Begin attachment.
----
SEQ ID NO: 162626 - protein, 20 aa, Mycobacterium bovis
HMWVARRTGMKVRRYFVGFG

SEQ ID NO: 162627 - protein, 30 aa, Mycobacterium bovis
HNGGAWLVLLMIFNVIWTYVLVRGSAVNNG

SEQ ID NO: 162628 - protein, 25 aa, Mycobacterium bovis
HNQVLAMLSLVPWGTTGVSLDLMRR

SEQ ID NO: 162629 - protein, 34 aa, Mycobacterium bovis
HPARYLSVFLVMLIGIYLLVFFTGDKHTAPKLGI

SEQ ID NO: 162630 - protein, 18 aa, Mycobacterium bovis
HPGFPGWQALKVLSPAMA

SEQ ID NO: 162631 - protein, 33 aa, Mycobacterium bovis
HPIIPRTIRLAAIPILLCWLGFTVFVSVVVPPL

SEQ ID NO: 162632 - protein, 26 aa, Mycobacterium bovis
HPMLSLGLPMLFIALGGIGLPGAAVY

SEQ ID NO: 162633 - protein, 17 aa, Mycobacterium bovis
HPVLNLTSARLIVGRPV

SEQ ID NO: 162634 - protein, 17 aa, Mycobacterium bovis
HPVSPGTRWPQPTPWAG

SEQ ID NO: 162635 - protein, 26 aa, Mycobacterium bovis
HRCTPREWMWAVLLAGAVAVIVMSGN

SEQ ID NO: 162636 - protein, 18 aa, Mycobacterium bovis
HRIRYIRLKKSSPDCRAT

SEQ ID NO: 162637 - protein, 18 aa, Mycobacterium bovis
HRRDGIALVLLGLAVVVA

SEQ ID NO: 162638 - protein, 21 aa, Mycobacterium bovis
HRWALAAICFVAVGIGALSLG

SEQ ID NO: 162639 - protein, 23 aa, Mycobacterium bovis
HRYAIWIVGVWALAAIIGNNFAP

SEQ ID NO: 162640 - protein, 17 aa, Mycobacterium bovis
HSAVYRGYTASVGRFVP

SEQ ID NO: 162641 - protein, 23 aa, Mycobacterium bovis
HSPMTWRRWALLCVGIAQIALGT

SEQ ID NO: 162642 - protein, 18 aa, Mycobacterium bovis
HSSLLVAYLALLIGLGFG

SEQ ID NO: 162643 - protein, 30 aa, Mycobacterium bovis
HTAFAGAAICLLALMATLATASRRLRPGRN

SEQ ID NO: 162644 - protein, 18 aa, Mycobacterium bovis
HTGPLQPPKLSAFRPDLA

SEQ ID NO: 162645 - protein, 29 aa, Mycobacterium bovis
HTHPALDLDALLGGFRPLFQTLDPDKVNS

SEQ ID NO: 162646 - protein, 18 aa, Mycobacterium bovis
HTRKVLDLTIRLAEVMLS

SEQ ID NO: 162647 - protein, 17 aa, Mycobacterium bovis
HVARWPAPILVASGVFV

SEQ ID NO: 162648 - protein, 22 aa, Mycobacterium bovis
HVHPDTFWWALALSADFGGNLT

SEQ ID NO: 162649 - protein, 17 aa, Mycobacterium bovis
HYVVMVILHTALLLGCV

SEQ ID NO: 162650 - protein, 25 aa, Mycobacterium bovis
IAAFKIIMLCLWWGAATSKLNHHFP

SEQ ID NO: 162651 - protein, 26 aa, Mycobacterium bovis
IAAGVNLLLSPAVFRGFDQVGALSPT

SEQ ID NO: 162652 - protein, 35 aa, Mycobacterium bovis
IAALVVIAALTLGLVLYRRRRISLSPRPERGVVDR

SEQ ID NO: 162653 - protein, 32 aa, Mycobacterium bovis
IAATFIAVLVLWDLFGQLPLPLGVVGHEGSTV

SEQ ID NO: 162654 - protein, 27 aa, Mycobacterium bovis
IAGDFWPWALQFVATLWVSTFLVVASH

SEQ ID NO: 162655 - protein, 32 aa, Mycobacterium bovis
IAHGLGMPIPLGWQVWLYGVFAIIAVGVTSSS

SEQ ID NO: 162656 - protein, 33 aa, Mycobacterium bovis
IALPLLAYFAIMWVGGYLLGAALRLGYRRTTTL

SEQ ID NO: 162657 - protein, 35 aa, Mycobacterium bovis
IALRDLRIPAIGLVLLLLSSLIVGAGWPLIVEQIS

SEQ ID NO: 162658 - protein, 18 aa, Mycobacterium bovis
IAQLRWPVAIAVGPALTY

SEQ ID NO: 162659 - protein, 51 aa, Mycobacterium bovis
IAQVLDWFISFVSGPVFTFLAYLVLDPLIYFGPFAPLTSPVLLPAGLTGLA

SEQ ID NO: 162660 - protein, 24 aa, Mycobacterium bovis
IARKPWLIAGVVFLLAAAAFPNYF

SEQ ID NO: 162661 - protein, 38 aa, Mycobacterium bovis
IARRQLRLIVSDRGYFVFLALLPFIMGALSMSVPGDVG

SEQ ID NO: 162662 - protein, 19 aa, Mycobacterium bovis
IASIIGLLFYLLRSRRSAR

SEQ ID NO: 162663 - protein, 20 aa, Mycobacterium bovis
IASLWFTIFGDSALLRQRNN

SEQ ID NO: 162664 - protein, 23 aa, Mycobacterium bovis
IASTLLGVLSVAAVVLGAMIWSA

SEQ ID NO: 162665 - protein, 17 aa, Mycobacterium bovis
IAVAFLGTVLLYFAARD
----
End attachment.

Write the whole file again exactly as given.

SEQ ID NO: 162626 - protein, 20 aa, Mycobacterium bovis
HMWVARRTGMKVRRYFVGFG

SEQ ID NO: 162627 - protein, 30 aa, Mycobacterium bovis
HNGGAWLVLLMIFNVIWTYVLVRGSAVNNG

SEQ ID NO: 162628 - protein, 25 aa, Mycobacterium bovis
HNQVLAMLSLVPWGTTGVSLDLMRR

SEQ ID NO: 162629 - protein, 34 aa, Mycobacterium bovis
HPARYLSVFLVMLIGIYLLVFFTGDKHTAPKLGI

SEQ ID NO: 162630 - protein, 18 aa, Mycobacterium bovis
HPGFPGWQALKVLSPAMA

SEQ ID NO: 162631 - protein, 33 aa, Mycobacterium bovis
HPIIPRTIRLAAIPILLCWLGFTVFVSVVVPPL

SEQ ID NO: 162632 - protein, 26 aa, Mycobacterium bovis
HPMLSLGLPMLFIALGGIGLPGAAVY

SEQ ID NO: 162633 - protein, 17 aa, Mycobacterium bovis
HPVLNLTSARLIVGRPV

SEQ ID NO: 162634 - protein, 17 aa, Mycobacterium bovis
HPVSPGTRWPQPTPWAG

SEQ ID NO: 162635 - protein, 26 aa, Mycobacterium bovis
HRCTPREWMWAVLLAGAVAVIVMSGN

SEQ ID NO: 162636 - protein, 18 aa, Mycobacterium bovis
HRIRYIRLKKSSPDCRAT

SEQ ID NO: 162637 - protein, 18 aa, Mycobacterium bovis
HRRDGIALVLLGLAVVVA

SEQ ID NO: 162638 - protein, 21 aa, Mycobacterium bovis
HRWALAAICFVAVGIGALSLG

SEQ ID NO: 162639 - protein, 23 aa, Mycobacterium bovis
HRYAIWIVGVWALAAIIGNNFAP

SEQ ID NO: 162640 - protein, 17 aa, Mycobacterium bovis
HSAVYRGYTASVGRFVP

SEQ ID NO: 162641 - protein, 23 aa, Mycobacterium bovis
HSPMTWRRWALLCVGIAQIALGT

SEQ ID NO: 162642 - protein, 18 aa, Mycobacterium bovis
HSSLLVAYLALLIGLGFG

SEQ ID NO: 162643 - protein, 30 aa, Mycobacterium bovis
HTAFAGAAICLLALMATLATASRRLRPGRN

SEQ ID NO: 162644 - protein, 18 aa, Mycobacterium bovis
HTGPLQPPKLSAFRPDLA

SEQ ID NO: 162645 - protein, 29 aa, Mycobacterium bovis
HTHPALDLDALLGGFRPLFQTLDPDKVNS

SEQ ID NO: 162646 - protein, 18 aa, Mycobacterium bovis
HTRKVLDLTIRLAEVMLS

SEQ ID NO: 162647 - protein, 17 aa, Mycobacterium bovis
HVARWPAPILVASGVFV

SEQ ID NO: 162648 - protein, 22 aa, Mycobacterium bovis
HVHPDTFWWALALSADFGGNLT

SEQ ID NO: 162649 - protein, 17 aa, Mycobacterium bovis
HYVVMVILHTALLLGCV

SEQ ID NO: 162650 - protein, 25 aa, Mycobacterium bovis
IAAFKIIMLCLWWGAATSKLNHHFP

SEQ ID NO: 162651 - protein, 26 aa, Mycobacterium bovis
IAAGVNLLLSPAVFRGFDQVGALSPT

SEQ ID NO: 162652 - protein, 35 aa, Mycobacterium bovis
IAALVVIAALTLGLVLYRRRRISLSPRPERGVVDR

SEQ ID NO: 162653 - protein, 32 aa, Mycobacterium bovis
IAATFIAVLVLWDLFGQLPLPLGVVGHEGSTV

SEQ ID NO: 162654 - protein, 27 aa, Mycobacterium bovis
IAGDFWPWALQFVATLWVSTFLVVASH

SEQ ID NO: 162655 - protein, 32 aa, Mycobacterium bovis
IAHGLGMPIPLGWQVWLYGVFAIIAVGVTSSS

SEQ ID NO: 162656 - protein, 33 aa, Mycobacterium bovis
IALPLLAYFAIMWVGGYLLGAALRLGYRRTTTL

SEQ ID NO: 162657 - protein, 35 aa, Mycobacterium bovis
IALRDLRIPAIGLVLLLLSSLIVGAGWPLIVEQIS

SEQ ID NO: 162658 - protein, 18 aa, Mycobacterium bovis
IAQLRWPVAIAVGPALTY

SEQ ID NO: 162659 - protein, 51 aa, Mycobacterium bovis
IAQVLDWFISFVSGPVFTFLAYLVLDPLIYFGPFAPLTSPVLLPAGLTGLA

SEQ ID NO: 162660 - protein, 24 aa, Mycobacterium bovis
IARKPWLIAGVVFLLAAAAFPNYF

SEQ ID NO: 162661 - protein, 38 aa, Mycobacterium bovis
IARRQLRLIVSDRGYFVFLALLPFIMGALSMSVPGDVG

SEQ ID NO: 162662 - protein, 19 aa, Mycobacterium bovis
IASIIGLLFYLLRSRRSAR

SEQ ID NO: 162663 - protein, 20 aa, Mycobacterium bovis
IASLWFTIFGDSALLRQRNN

SEQ ID NO: 162664 - protein, 23 aa, Mycobacterium bovis
IASTLLGVLSVAAVVLGAMIWSA

SEQ ID NO: 162665 - protein, 17 aa, Mycobacterium bovis
IAVAFLGTVLLYFAARD